This week Amy challenges us to post pictures of home.
For years after my father died, my mother was the core of our home — everything planned or decided depended on what was good for her. This was especially true in her last years. Because I worked away from home and only came to visit twice a year, home was my mother.
Though she has passed on, we still keep some of the stuff that was part of her daily routine — such as her rosary beads which she prayed daily, twice a day.
Now that she’s gone, the attention has shifted to the young ones — my son and my nephews.
Where home in the past was the sight of my mother praying and the sound of her voice directing the cleaning of the house, these days it’s the sound of my son’s endless chatter and the banging on (not really playing) the (not computer) keyboard, ukulele and of course the sound of my voice constantly reminding him to quiet down.
Our home is probably the noisiest in our community (thankfully we are all relatives — all first cousins who understand– living in separate detached houses), but for as long as my son is happily noisy making what he thinks is music, I’m fine with it.
Last night, for the first time in a long, long time, my husband and I went out to attend a party. This time it was at the Kempinski Hotel. It felt good to go out again and relive those evenings many years ago when we used to go out with friends more often without worrying about adult stuff.
But those night outs aren’t what I’m nostalgic about.
It’s Christmas. Kempinski had nice Christmas trees both in the lobby and outside the hotel, and I felt like a kid again excited about Christmas!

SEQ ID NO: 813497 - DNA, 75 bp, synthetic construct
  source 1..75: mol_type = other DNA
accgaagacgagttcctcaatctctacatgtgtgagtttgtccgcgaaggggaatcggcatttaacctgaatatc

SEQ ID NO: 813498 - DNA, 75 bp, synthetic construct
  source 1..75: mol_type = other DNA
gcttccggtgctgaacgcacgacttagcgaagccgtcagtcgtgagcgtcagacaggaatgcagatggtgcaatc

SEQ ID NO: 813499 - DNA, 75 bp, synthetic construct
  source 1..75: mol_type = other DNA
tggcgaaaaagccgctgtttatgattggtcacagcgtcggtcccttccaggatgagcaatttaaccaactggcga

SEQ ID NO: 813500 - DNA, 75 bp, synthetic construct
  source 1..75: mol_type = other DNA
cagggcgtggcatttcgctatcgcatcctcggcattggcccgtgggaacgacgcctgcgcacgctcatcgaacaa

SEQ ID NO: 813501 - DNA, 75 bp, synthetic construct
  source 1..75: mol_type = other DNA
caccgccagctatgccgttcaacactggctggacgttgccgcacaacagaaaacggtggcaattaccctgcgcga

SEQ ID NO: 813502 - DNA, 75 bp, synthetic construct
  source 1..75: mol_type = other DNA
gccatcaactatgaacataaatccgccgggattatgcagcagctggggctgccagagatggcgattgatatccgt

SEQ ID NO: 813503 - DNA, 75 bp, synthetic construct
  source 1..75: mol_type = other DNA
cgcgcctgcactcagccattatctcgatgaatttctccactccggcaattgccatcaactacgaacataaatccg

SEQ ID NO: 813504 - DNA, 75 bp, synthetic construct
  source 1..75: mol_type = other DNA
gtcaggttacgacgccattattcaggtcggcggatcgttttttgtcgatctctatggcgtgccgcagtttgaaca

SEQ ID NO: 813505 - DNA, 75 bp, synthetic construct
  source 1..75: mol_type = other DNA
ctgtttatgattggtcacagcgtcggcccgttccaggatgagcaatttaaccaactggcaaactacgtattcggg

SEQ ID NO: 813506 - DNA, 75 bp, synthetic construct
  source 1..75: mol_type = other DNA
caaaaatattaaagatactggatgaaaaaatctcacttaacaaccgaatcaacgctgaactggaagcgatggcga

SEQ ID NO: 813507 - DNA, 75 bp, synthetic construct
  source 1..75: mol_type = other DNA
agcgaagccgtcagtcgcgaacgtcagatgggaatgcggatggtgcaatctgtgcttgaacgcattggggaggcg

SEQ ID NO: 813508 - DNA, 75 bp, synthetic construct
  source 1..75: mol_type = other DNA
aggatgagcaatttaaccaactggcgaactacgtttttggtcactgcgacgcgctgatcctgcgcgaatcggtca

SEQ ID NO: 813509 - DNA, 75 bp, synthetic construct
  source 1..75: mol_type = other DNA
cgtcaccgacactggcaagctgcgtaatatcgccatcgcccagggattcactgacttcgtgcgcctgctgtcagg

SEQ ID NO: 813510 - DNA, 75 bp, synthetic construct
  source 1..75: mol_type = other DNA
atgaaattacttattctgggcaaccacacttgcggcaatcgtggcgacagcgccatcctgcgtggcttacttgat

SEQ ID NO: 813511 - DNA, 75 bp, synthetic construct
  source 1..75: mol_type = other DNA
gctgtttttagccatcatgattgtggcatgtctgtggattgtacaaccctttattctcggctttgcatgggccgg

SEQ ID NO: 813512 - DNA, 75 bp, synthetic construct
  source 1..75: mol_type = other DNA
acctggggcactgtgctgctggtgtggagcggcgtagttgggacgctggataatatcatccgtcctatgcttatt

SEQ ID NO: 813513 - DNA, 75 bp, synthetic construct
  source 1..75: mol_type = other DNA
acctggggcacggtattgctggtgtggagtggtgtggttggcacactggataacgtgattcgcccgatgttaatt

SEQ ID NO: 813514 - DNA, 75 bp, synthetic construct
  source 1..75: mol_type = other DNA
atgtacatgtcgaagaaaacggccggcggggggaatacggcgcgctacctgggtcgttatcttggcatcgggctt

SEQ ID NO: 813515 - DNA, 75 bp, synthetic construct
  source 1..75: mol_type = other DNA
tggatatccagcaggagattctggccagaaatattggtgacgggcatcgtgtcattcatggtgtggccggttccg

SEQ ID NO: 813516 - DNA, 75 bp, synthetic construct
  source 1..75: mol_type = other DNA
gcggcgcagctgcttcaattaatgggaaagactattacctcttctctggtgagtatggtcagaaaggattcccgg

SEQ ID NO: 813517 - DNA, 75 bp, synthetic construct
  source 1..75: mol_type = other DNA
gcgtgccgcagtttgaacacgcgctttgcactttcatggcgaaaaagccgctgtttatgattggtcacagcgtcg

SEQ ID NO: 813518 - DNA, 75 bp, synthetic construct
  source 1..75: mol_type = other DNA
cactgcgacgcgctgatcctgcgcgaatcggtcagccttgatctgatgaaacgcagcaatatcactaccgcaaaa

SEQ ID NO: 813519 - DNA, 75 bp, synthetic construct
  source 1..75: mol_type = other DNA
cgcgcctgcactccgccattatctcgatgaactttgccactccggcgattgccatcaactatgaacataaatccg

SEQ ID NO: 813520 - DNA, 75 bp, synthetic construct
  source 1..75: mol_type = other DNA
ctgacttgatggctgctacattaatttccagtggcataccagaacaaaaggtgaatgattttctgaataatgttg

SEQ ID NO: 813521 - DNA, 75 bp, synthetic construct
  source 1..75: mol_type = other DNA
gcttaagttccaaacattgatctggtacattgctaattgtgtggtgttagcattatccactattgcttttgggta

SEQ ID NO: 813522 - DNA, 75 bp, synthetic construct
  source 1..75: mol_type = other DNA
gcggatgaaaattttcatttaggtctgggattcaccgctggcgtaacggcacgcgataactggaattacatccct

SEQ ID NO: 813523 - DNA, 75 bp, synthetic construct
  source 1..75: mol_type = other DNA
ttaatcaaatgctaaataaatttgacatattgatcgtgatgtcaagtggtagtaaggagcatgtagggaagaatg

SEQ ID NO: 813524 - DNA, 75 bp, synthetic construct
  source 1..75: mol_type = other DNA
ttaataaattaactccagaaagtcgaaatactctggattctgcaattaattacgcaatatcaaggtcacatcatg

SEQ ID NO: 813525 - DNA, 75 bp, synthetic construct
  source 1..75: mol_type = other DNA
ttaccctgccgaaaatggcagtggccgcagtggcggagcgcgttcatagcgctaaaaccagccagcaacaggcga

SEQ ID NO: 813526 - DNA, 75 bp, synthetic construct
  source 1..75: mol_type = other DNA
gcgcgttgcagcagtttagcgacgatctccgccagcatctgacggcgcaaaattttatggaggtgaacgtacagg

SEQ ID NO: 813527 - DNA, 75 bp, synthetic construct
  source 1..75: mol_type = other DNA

Kempinski Hotel, Xiamen
And Christmas always brings me back to my childhood when our Christmas tree was small and simple and the Christmas presents we got from our parents were not expensive, but we had the tradition of getting up at dawn to go to Mass at 4:30 in the morning (Misa de Gallo, literally Rooster’s Mass). Yes, you read that right. 4:30 in the morning which meant waking up an hour earlier before that to wash up and have something hot to drink!
You would think we were unhappy to be woken up that early, but we were actually pretty excited to hear our mother whispering our names to wake us up.
Christmas tree in our house in the Philippines. Picture taken by my sister
We then walked to church (a 10-minute walk from our house) and would see other churchgoers walking. During Mass, my sisters and I often dozed off especially during homily, but would once again perk up just before the singing of the Lord’s Prayer as it meant close to Communion and the end of the Mass.
After Mass, we would walk to the bakery and buy pan de sal for breakfast.
Life was so simple yet we were happy.
If only I could be a child again, and have my parents worry about things that only adults worry about.